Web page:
Through most of the history of the lever-action rifle compromises have had to be made. Because the action of these firearms most often drew cartridges from a tubular magazine extending outward beneath the barrel, rifles of this kind had to fire blunt or flat-nosed bullets to prevent bullets in the magazine from detonating the primer of the rounds in front of them on recoil. As a result, most lever-action rifles were light, compact and used ammunition intended for shooting at relatively short ranges. Hornady got around this problem by introducing the innovative LEVERevolution line of ammunition, but long before that some rifle makers introduced lever-action rifles capable of shooting potent pointed-bullet rounds by drawing cartridges up from a detachable magazine with ammo stacked vertically instead of sitting end to end.
The Browning Lever-action Rifle (BLR) has been around for years. Its detachable box magazine enables the BLR to be chambered in a large number of modern centerfire calibers without sacrificing the light weight and quick handling associated with the lever-action design. This year, Browning unveiled the new BLR Lightweight '81 Takedown Rifle. It's an innovative design that separates the rifle into two parts of roughly equal length for transport and incredible ease of cleaning. Takedown rifles can be transported in gun cases half the length of those needed by a full-length firearm, and that's a real advantage when traveling. It makes the gun less awkward to carry through crowded airports if you're flying to a hunting destination, and the "briefcase" style gun cases are also easier to pack and retrieve with other gear if you're driving to a shooting activity.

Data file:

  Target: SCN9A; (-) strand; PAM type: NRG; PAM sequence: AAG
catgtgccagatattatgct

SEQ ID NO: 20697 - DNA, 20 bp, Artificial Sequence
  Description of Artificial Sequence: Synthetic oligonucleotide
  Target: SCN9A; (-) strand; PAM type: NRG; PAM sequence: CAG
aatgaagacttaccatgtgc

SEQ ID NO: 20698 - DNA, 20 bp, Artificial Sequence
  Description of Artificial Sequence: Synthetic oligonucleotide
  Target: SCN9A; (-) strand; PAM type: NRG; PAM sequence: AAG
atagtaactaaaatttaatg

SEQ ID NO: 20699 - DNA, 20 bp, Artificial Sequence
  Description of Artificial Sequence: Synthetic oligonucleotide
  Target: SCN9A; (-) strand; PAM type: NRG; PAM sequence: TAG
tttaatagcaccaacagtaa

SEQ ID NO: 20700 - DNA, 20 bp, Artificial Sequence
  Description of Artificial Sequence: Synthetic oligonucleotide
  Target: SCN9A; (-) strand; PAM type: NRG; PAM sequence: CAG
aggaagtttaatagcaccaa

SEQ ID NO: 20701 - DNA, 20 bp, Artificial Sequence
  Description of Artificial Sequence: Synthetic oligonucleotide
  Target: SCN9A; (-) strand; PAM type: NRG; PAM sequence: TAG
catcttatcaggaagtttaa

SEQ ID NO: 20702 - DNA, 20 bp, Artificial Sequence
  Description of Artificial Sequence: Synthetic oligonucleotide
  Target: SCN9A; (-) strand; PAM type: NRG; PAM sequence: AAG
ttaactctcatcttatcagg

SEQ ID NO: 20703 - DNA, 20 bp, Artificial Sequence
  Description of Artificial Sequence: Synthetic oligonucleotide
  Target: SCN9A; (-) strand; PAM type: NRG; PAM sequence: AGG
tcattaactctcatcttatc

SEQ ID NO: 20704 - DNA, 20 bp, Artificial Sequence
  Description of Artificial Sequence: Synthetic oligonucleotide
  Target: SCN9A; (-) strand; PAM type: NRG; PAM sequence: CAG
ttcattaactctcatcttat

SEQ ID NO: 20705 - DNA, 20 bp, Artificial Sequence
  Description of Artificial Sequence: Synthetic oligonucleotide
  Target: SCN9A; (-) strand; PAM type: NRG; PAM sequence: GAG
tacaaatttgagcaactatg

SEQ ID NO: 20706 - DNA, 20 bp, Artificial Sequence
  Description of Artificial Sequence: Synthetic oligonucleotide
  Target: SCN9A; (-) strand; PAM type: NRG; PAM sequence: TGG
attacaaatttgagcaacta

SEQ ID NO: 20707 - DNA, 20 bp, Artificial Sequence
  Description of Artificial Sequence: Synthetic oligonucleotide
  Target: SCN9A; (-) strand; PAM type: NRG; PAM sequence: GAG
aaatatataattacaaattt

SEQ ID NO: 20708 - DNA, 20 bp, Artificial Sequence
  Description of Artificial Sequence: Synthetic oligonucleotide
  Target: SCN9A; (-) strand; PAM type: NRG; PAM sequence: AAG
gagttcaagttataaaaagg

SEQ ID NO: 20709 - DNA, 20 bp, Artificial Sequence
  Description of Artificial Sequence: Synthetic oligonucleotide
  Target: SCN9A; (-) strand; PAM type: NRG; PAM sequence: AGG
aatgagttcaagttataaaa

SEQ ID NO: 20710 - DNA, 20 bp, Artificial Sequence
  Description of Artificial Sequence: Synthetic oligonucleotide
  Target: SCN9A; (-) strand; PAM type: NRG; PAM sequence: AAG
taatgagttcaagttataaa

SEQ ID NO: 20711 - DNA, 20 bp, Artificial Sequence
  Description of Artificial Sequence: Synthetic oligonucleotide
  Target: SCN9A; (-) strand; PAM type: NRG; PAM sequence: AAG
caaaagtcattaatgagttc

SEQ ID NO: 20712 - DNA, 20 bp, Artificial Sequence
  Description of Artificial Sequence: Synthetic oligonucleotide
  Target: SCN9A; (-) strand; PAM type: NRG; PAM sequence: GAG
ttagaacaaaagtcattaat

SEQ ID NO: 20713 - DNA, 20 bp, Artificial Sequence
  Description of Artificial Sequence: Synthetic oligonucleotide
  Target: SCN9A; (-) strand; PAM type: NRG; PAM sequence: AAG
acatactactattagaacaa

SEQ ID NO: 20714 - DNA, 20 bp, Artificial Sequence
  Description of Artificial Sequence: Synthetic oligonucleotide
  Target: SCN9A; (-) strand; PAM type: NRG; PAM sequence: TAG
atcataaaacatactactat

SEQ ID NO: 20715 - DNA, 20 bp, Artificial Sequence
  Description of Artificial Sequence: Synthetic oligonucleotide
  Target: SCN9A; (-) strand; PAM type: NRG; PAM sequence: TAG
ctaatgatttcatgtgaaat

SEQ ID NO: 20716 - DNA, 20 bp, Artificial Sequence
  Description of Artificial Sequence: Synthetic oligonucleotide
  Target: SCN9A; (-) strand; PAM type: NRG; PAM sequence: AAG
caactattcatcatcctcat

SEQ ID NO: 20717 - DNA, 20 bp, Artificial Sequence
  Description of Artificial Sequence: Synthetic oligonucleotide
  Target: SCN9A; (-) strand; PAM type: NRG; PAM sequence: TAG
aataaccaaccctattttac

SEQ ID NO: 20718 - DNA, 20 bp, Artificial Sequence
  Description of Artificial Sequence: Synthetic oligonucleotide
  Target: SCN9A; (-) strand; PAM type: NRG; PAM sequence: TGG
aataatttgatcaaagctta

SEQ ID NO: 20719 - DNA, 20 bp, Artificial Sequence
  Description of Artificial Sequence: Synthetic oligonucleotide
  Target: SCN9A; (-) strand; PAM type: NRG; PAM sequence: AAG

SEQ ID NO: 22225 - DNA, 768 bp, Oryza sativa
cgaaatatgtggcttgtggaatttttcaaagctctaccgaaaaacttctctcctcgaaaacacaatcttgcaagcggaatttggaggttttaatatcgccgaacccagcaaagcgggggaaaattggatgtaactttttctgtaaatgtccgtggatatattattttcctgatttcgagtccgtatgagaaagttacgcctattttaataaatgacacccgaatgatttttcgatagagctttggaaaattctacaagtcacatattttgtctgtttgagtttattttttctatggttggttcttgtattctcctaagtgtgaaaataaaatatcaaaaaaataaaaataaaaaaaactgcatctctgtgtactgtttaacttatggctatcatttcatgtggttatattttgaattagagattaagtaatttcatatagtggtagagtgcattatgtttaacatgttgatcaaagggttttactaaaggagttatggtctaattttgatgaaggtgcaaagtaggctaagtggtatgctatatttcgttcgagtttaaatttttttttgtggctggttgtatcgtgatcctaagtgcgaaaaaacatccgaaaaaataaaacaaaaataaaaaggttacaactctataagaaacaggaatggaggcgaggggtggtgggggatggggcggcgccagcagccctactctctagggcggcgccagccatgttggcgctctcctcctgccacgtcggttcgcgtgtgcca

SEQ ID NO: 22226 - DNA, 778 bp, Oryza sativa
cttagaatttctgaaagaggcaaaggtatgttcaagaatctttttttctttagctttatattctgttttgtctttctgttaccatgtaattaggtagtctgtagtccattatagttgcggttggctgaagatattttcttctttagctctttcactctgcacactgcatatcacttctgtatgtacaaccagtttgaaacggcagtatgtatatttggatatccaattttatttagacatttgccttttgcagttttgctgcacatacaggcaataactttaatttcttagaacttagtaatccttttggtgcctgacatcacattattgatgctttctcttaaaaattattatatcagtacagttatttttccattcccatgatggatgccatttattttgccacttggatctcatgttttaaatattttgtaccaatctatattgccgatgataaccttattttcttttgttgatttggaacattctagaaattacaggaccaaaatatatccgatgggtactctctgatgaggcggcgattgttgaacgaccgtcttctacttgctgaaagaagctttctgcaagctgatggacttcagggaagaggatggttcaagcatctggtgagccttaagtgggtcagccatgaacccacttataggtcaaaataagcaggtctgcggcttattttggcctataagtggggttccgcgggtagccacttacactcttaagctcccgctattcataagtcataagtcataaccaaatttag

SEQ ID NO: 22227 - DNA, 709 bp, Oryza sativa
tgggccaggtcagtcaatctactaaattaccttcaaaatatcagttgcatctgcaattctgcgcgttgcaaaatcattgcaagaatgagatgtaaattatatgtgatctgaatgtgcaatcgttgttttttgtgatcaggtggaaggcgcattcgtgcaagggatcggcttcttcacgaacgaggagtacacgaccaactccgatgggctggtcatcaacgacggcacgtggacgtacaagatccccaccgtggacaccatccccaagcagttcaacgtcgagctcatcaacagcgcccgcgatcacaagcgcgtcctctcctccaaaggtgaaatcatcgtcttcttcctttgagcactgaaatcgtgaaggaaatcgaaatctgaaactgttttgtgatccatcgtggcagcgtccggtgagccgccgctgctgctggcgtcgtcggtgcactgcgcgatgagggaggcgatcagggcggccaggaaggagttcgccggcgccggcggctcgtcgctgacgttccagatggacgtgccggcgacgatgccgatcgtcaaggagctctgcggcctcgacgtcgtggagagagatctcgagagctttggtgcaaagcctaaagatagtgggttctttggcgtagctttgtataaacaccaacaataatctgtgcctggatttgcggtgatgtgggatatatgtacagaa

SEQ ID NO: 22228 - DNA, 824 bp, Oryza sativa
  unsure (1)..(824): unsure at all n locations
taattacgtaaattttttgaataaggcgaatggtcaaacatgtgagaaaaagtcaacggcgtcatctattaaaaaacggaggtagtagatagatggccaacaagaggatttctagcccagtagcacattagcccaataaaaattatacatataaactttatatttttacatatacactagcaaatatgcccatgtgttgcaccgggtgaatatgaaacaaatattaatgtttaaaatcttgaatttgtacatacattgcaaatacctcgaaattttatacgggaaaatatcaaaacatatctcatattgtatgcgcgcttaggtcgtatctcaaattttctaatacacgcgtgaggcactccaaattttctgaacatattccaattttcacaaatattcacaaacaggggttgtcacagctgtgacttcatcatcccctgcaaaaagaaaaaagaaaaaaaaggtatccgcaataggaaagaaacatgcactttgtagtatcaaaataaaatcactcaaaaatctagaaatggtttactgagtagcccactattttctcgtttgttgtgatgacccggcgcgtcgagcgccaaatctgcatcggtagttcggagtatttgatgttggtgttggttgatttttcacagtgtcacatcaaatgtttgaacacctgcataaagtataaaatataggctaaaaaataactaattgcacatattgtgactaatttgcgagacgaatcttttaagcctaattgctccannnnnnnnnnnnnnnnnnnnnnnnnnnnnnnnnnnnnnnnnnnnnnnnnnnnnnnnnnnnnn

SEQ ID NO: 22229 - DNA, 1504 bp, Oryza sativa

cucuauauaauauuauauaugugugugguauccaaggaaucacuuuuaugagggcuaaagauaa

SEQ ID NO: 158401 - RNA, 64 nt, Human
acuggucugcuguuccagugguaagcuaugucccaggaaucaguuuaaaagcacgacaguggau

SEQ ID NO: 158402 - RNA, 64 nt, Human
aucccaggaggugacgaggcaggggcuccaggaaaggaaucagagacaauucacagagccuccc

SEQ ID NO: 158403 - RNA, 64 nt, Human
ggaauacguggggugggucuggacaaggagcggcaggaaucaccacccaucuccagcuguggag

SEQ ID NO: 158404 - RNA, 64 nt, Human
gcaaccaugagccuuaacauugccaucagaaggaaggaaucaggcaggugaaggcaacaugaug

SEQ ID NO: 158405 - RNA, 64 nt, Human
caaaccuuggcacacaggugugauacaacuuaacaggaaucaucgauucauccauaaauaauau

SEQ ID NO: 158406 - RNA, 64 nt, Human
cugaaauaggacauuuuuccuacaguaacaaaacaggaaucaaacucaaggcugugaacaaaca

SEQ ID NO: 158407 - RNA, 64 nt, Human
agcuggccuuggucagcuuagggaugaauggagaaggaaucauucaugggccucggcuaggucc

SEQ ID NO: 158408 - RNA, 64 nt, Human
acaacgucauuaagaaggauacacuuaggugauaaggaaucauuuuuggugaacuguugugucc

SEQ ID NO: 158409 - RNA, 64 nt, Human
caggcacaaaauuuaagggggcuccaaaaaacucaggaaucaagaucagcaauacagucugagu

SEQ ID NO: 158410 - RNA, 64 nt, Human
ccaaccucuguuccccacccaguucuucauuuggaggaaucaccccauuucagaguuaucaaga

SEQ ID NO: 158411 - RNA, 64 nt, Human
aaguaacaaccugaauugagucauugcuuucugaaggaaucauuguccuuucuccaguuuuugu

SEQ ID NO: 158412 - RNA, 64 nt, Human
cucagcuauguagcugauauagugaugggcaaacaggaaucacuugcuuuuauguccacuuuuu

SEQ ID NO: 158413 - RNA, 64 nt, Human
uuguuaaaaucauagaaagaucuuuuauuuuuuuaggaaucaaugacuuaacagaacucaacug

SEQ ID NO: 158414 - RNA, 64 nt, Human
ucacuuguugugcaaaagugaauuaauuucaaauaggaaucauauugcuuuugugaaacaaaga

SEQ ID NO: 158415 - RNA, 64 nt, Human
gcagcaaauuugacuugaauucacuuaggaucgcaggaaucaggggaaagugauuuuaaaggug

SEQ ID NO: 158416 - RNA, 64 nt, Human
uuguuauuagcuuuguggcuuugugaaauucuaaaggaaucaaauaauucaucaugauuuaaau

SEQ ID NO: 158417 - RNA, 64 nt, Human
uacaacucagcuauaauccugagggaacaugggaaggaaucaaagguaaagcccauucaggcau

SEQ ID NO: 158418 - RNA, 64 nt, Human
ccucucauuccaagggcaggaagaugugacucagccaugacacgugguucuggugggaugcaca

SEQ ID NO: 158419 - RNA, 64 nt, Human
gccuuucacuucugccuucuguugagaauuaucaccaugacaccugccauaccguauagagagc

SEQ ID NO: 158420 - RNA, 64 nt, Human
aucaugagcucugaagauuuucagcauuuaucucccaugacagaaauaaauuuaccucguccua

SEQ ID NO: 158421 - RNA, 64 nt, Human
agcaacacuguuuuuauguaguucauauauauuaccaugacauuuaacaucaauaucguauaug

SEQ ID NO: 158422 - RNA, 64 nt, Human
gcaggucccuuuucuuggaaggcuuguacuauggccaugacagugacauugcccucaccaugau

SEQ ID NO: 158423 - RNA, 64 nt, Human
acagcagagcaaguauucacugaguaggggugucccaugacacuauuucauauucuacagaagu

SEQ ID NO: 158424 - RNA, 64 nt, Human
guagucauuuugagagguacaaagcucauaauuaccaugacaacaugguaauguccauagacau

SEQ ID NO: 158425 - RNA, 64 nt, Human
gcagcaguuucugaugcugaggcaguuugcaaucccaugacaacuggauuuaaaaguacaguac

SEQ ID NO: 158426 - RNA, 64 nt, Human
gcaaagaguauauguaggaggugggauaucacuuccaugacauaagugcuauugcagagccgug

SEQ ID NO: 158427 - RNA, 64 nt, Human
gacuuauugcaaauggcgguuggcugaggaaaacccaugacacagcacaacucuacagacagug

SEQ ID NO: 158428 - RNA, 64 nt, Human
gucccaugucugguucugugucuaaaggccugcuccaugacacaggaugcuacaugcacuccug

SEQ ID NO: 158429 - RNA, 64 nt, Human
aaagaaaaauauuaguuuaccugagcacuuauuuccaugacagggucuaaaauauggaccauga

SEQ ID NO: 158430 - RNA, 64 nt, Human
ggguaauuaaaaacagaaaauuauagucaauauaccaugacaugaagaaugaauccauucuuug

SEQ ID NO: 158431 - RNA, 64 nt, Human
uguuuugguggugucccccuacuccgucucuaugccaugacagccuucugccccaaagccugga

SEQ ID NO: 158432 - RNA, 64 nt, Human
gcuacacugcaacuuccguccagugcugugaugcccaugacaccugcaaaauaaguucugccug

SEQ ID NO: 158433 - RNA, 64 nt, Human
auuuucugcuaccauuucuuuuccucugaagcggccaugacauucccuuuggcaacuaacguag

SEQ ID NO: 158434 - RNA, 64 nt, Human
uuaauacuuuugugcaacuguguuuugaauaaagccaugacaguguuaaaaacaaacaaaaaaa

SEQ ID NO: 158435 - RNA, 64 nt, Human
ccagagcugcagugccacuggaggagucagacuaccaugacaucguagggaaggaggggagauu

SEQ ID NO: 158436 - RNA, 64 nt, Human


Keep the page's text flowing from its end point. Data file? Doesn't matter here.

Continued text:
At SHOT Show I handled and shot the new BLR Takedown chambered in .22-250. I must confess I had never considered a lever-action rifle in that chambering. Disassembly and reassembly was demonstrated to me and it took seconds. In no time an owner could learn to take it down and put it together as fast or faster than a double-barrel shotgun.
There are two versions of the BLR Takedown, one with a straight stock and the other with a pistol grip. You can choose from an impressive 14 calibers ranging from .22-250 to .325 WSM, and there's the option of scope mounting atop the receiver or farther forward in a scout-rifle configuration. BLR Takedowns come with sling swivel studs and recoil pads mounted. Overall lengths range from 40 inches to 43 inches assembled, depending on caliber, and weigh a quarter pound on either side of 7 pounds. How did the BLR shoot?
I was favorably impressed. My targets were bowling pins 100 yards away, and the rifle was topped with a variable-power scope above the receiver. Every shot I fired hit the pin I was aiming for, and I made a point of aiming at the thinnest part of the pin to see if the accuracy wandered the more I shot. The action cycled flawlessly with each stroke of the lever. My co-worker and I ran a bunch of rounds through the BLR, until the barrel was too hot to touch, without any variance in accuracy at all. Impressive. The rifle was allowed to cool, taken down into two sections, and then reassembled. We commenced firing again with no difference in the point of impact. Most impressive. A mark of an exceptionally well-made takedown rifle is how well it holds the zero of its scope after disassembly and reassembly. The BLR passed that test with flying colors.
With an MSRP between $800 and $900, Browning's BLR Lightweight '81 Takedown Rifle does cost more than many bolt-action hunting rifles on the market, but the price is not unreasonable given its takedown feature and fine performance. If the other calibers perform as well as the .22-250 I shot, it won't be long until this rifle is in high demand by hunters and shooters.
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